After nearly two decades at the helm of France’s leading commercial broadcaster, Patrick Le Lay will step down as chief exec of TF1, the company announced Tuesday as it posted net profits of e452.5 million ($594.5 million).
The topper, who will turn 65 in June, intends to stay on as chairman but will hand the operational reins to Bouygues Telecom CEO Nonce Paolini in May.
Paolini, 57, was the net’s deputy director of human resources from 1993-2001 before joining parent company Bouygues’ telco division. He spent 15 years of his early career with French utilities company EDG-GDF.
Tuesday’s news ended weeks of speculation that Le Lay would ankle after France’s presidential elections, which kick off April 22.
It also heralds a new era for the country’s most influential network, as it tries to adapt to Gaul’s rapidly evolving TV biz.
TF1’s stunning profit — up 91% vs. 2005 — was due mostly to a $333.2 million windfall from the recent absorption of its pay TV platform TPS by bigger rival Canal Plus. Absent that, revenues from continuing activities fell 9.9% to $261 million.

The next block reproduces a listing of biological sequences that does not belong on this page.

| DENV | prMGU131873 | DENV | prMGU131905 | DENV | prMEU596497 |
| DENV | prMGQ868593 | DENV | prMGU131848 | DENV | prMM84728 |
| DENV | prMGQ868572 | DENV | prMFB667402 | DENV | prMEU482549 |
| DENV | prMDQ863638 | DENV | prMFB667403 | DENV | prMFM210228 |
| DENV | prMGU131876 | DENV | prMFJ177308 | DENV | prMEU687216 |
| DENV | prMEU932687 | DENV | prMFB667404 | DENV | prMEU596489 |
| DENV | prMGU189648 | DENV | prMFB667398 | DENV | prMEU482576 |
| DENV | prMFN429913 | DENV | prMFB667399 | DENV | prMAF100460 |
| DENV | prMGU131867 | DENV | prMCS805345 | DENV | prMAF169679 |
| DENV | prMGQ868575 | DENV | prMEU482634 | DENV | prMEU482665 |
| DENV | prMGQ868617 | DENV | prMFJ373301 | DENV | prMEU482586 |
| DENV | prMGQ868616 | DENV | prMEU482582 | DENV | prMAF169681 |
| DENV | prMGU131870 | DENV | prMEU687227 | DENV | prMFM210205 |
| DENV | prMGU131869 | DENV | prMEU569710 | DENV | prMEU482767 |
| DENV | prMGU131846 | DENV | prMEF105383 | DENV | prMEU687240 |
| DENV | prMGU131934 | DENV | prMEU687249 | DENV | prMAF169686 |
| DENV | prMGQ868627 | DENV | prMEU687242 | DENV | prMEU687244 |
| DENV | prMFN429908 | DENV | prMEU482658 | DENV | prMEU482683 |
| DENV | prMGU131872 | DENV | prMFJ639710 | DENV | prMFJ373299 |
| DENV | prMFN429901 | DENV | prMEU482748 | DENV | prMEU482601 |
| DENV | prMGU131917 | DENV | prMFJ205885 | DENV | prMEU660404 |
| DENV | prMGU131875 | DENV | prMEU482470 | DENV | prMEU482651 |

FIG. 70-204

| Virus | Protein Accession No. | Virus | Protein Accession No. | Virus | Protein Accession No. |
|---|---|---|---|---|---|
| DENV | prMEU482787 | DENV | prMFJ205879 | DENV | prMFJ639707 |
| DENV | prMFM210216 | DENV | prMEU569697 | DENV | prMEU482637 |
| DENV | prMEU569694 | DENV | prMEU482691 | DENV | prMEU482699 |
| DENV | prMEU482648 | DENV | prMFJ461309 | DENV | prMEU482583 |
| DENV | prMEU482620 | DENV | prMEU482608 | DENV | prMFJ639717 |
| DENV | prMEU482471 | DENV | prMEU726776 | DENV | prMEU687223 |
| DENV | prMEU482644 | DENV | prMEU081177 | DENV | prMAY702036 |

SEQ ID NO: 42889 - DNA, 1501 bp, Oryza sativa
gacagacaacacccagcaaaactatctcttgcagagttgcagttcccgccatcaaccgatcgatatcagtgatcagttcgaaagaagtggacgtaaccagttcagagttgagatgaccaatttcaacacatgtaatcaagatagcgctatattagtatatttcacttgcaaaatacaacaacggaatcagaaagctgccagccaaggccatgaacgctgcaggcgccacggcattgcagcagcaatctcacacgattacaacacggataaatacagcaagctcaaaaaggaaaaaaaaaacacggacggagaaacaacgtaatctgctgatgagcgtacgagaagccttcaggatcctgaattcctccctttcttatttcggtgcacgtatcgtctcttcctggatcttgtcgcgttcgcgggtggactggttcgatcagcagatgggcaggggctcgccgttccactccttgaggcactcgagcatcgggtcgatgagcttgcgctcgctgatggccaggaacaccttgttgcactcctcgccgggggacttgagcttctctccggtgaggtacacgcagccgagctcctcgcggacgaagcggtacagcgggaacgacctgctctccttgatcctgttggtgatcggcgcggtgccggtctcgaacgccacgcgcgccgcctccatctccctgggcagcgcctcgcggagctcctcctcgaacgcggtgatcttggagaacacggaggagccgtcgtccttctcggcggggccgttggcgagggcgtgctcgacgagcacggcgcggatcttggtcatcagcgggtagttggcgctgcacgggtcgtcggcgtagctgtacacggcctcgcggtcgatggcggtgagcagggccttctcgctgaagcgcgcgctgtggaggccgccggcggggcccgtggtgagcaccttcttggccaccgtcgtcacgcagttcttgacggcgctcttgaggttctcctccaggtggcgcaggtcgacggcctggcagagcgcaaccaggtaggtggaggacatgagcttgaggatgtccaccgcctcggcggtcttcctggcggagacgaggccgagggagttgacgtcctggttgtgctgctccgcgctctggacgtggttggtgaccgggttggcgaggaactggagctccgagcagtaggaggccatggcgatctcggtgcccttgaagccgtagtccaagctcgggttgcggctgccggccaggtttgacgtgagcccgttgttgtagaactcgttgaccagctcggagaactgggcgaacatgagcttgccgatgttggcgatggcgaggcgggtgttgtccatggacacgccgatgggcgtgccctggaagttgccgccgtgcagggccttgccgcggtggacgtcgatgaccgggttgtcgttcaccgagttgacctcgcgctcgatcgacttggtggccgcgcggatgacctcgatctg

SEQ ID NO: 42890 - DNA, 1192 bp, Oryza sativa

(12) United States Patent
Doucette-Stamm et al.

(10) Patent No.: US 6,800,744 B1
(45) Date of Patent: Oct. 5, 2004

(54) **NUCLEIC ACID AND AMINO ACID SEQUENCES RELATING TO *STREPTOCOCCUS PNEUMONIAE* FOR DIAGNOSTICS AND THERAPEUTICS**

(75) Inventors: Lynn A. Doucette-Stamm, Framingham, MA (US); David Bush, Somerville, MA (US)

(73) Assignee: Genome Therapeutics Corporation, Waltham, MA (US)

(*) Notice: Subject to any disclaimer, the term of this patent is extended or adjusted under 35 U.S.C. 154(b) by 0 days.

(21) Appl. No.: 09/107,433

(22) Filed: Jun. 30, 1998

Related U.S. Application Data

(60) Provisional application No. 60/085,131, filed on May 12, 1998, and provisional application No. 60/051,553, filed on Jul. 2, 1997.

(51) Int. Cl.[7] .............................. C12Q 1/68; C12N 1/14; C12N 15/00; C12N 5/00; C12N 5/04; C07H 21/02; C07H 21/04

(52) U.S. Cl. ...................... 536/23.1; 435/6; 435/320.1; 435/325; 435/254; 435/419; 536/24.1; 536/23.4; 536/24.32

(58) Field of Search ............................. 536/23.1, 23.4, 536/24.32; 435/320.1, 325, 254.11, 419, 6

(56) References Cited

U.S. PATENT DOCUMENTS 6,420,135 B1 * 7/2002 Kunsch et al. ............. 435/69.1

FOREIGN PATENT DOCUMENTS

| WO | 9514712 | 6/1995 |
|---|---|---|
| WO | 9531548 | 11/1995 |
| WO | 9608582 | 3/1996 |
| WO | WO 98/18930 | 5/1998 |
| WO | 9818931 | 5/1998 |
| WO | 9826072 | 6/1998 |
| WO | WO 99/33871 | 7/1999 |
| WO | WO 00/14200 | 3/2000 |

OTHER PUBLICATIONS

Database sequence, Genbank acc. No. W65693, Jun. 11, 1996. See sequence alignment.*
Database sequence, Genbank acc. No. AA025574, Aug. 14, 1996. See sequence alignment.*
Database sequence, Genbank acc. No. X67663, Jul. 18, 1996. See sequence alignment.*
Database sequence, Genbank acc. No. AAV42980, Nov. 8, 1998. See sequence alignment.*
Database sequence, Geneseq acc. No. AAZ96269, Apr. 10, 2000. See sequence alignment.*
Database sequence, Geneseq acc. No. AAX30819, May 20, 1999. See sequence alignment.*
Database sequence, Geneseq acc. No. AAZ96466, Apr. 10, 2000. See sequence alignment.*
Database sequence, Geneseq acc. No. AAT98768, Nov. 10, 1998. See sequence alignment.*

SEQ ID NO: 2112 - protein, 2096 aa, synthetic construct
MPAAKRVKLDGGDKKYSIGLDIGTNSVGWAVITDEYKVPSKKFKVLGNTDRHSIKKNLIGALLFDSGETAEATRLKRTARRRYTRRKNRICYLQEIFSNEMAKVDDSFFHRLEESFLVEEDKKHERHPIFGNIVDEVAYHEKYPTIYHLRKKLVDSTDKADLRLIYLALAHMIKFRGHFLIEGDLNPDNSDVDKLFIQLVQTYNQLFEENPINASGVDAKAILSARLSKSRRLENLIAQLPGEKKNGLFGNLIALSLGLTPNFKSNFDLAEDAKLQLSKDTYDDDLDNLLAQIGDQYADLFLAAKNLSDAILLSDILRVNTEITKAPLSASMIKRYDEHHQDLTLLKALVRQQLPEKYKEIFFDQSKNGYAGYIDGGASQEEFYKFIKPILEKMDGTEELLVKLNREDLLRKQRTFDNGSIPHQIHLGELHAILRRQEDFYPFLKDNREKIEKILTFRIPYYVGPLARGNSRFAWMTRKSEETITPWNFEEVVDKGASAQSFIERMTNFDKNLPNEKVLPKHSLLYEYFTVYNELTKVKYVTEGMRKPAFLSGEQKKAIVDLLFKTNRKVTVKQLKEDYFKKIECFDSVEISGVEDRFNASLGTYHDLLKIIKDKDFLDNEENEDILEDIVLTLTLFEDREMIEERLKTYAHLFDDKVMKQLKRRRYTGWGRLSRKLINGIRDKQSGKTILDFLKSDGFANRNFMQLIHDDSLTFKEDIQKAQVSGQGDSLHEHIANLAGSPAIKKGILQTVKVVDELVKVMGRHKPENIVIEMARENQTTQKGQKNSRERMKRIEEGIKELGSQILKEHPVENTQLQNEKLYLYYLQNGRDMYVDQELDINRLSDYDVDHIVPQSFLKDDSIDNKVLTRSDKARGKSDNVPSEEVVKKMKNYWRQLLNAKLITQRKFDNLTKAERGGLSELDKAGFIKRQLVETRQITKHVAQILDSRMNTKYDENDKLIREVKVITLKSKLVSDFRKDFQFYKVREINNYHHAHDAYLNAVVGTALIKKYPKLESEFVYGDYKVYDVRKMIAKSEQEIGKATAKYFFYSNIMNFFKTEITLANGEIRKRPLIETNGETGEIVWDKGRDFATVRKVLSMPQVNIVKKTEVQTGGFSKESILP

The company is planning to issue a $1.12 per-share dividend to stockholders, pending a vote at its next annual general meeting in April.
Revenues last year stood at $3.5 billion, up 5.8%, while ad coin rose 3.7% to $2.2 billion.
Over the years Le Lay and his team have maintained TF1’s dominant position in French free-to-air television. Although the web’s audience share has eroded slightly, to around 32%, its advertising market share grew by nearly a percentage point last year to 54%.
But the rapid rollout of digital terrestrial TV in France and the emergence of telcos and other newcomers in content delivery are altering the Gallic TV biz fast. It’s no accident that a telco topper is stepping into Le Lay’s shoes.
France’s upcoming presidential elections have increased the pressure on the web. TF1 recently came under attack for focusing too much on candidates Nicolas Sarkozy and Segolene Royal while neglecting the others.
Known for his often surprising but unfailingly frank remarks (he once said TF1’s job was to help Coca-Cola sell its products), Le Lay hit back by asserting that TF1 Group was a “medium-sized company that the political class in France ought to encourage and protect.”
“We are a modest-sized company compared with Google, Orange and the giants that gravitate around the world of telecoms,” Le Lay complained last week.